Elevated bilirubin and/or transaminases occurred in 62% of patients treated with RYLAZE in clinical trials, and 12% had Grade ≥3 elevations.

Inform patients of the signs and symptoms of hepatotoxicity. Evaluate bilirubin and transaminases prior to treatment every 2-3 weeks and as indicated clinically during treatment with RYLAZE. In the event of serious liver toxicity, discontinue treatment with RYLAZE and provide supportive care.

Adverse Reactions

Serious adverse reactions occurred in 55% of patients who received RYLAZE. The most frequent serious adverse reactions (in ≥5% of patients) were febrile neutropenia, dehydration, pyrexia, stomatitis, diarrhea, drug hypersensitivity, infection, nausea, and viral infection.

The most common adverse reactions (incidence >20%) with RYLAZE are abnormal liver test (70%), nausea (46%), musculoskeletal pain (39%), fatigue (36%), infection (30%), headache (30%), pyrexia (27%), drug hypersensitivity (24%), febrile neutropenia (24%), decreased appetite (21%), stomatitis (21%), bleeding (21%), and hyperglycemia (21%).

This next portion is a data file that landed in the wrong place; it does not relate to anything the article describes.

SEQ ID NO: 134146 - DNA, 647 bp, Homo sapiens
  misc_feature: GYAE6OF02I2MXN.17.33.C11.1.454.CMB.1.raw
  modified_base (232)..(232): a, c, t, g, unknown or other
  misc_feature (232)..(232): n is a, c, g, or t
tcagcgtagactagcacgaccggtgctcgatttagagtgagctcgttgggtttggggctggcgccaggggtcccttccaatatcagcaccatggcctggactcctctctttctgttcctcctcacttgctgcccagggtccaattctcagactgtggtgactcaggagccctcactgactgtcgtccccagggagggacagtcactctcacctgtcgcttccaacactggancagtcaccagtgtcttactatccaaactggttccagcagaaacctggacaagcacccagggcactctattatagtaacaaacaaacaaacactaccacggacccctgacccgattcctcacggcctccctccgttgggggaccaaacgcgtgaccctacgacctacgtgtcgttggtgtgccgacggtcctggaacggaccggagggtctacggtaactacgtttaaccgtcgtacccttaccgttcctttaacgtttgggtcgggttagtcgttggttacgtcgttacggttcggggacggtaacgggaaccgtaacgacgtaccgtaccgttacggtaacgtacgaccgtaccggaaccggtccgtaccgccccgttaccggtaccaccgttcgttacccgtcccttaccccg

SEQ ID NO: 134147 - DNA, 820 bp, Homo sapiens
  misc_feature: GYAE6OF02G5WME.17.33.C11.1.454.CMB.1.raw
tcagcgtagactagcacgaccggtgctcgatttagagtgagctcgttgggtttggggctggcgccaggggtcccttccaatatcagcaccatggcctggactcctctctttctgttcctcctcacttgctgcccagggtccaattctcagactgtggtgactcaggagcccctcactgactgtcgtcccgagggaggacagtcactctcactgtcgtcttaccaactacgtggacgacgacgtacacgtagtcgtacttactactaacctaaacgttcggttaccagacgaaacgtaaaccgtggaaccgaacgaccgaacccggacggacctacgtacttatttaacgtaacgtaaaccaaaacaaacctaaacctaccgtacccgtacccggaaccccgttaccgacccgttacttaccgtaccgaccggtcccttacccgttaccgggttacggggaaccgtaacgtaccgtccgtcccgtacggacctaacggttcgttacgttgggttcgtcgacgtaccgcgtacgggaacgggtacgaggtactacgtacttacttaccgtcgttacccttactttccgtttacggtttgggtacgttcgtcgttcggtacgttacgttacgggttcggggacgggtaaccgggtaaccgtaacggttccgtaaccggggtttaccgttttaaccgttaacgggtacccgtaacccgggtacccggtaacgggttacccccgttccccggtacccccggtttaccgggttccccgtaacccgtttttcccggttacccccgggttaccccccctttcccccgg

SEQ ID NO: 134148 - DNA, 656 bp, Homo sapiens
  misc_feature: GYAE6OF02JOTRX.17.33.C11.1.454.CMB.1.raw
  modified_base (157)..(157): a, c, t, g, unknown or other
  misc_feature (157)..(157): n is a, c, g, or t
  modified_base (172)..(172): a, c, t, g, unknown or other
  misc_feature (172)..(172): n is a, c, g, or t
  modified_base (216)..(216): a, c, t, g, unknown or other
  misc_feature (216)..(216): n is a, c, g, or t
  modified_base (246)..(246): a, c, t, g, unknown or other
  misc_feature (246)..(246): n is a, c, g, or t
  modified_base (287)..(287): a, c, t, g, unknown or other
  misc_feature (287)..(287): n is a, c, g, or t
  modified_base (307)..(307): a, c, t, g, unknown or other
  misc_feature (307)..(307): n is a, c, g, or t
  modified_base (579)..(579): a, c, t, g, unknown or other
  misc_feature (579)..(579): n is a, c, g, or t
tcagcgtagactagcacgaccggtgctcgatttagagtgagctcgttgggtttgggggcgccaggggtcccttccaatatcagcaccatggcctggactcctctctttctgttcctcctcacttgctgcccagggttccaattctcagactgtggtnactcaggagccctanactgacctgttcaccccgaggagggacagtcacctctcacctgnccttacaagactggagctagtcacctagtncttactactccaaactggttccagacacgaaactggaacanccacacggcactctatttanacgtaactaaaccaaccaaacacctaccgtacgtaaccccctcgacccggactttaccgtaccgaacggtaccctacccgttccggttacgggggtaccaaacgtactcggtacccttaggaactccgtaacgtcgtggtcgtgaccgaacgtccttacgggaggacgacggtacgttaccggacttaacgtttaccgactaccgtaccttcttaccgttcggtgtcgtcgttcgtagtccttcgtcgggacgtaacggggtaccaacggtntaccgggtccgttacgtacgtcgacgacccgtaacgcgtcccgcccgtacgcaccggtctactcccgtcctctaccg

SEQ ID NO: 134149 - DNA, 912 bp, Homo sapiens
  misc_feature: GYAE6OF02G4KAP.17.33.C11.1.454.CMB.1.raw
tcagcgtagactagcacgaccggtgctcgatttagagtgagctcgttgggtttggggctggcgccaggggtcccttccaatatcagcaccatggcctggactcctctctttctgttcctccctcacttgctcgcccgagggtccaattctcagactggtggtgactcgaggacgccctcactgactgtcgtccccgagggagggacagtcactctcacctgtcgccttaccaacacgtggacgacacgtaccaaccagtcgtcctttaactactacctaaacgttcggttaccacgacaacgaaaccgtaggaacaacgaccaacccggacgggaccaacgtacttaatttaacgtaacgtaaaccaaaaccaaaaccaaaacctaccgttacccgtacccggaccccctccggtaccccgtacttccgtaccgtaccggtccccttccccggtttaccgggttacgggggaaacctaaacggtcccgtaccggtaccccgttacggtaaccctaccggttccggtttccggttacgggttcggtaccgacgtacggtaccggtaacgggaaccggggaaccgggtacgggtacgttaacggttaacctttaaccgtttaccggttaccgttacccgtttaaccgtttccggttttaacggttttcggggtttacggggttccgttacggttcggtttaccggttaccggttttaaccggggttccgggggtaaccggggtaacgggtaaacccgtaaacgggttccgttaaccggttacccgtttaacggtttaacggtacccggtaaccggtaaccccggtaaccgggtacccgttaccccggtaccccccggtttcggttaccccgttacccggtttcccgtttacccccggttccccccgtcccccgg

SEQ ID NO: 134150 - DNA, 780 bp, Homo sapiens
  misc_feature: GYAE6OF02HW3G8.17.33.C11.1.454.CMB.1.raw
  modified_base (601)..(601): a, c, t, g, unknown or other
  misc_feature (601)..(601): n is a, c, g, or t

Use in Specific Populations

Pregnancy and Lactation

RYLAZE can cause fetal harm when administered to a pregnant woman. Advise females of reproductive potential to use effective non-hormonal contraceptive methods during treatment with RYLAZE and for 3 months after the last dose. Advise women not to breastfeed during treatment with RYLAZE and for 1 week after the last dose.

Please see full Prescribing Information.

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Indication

RYLAZE is indicated as a component of a multi-agent chemotherapeutic regimen given by intramuscular injection for the treatment of acute lymphoblastic leukemia (ALL) and lymphoblastic lymphoma (LBL) in adult and pediatric patients 1 month or older who have developed hypersensitivity to E. coli-derived asparaginase.

IMPORTANT SAFETY INFORMATION

IMPORTANT SAFETY 
INFORMATION AND INDICATION

Contraindications

RYLAZE is contraindicated in patients with a history of:

  • Serious hypersensitivity reactions to Erwinia asparaginase, including anaphylaxis
  • Serious pancreatitis during previous asparaginase therapy
  • Serious thrombosis during previous asparaginase therapy
  • Serious hemorrhagic events during previous asparaginase therapy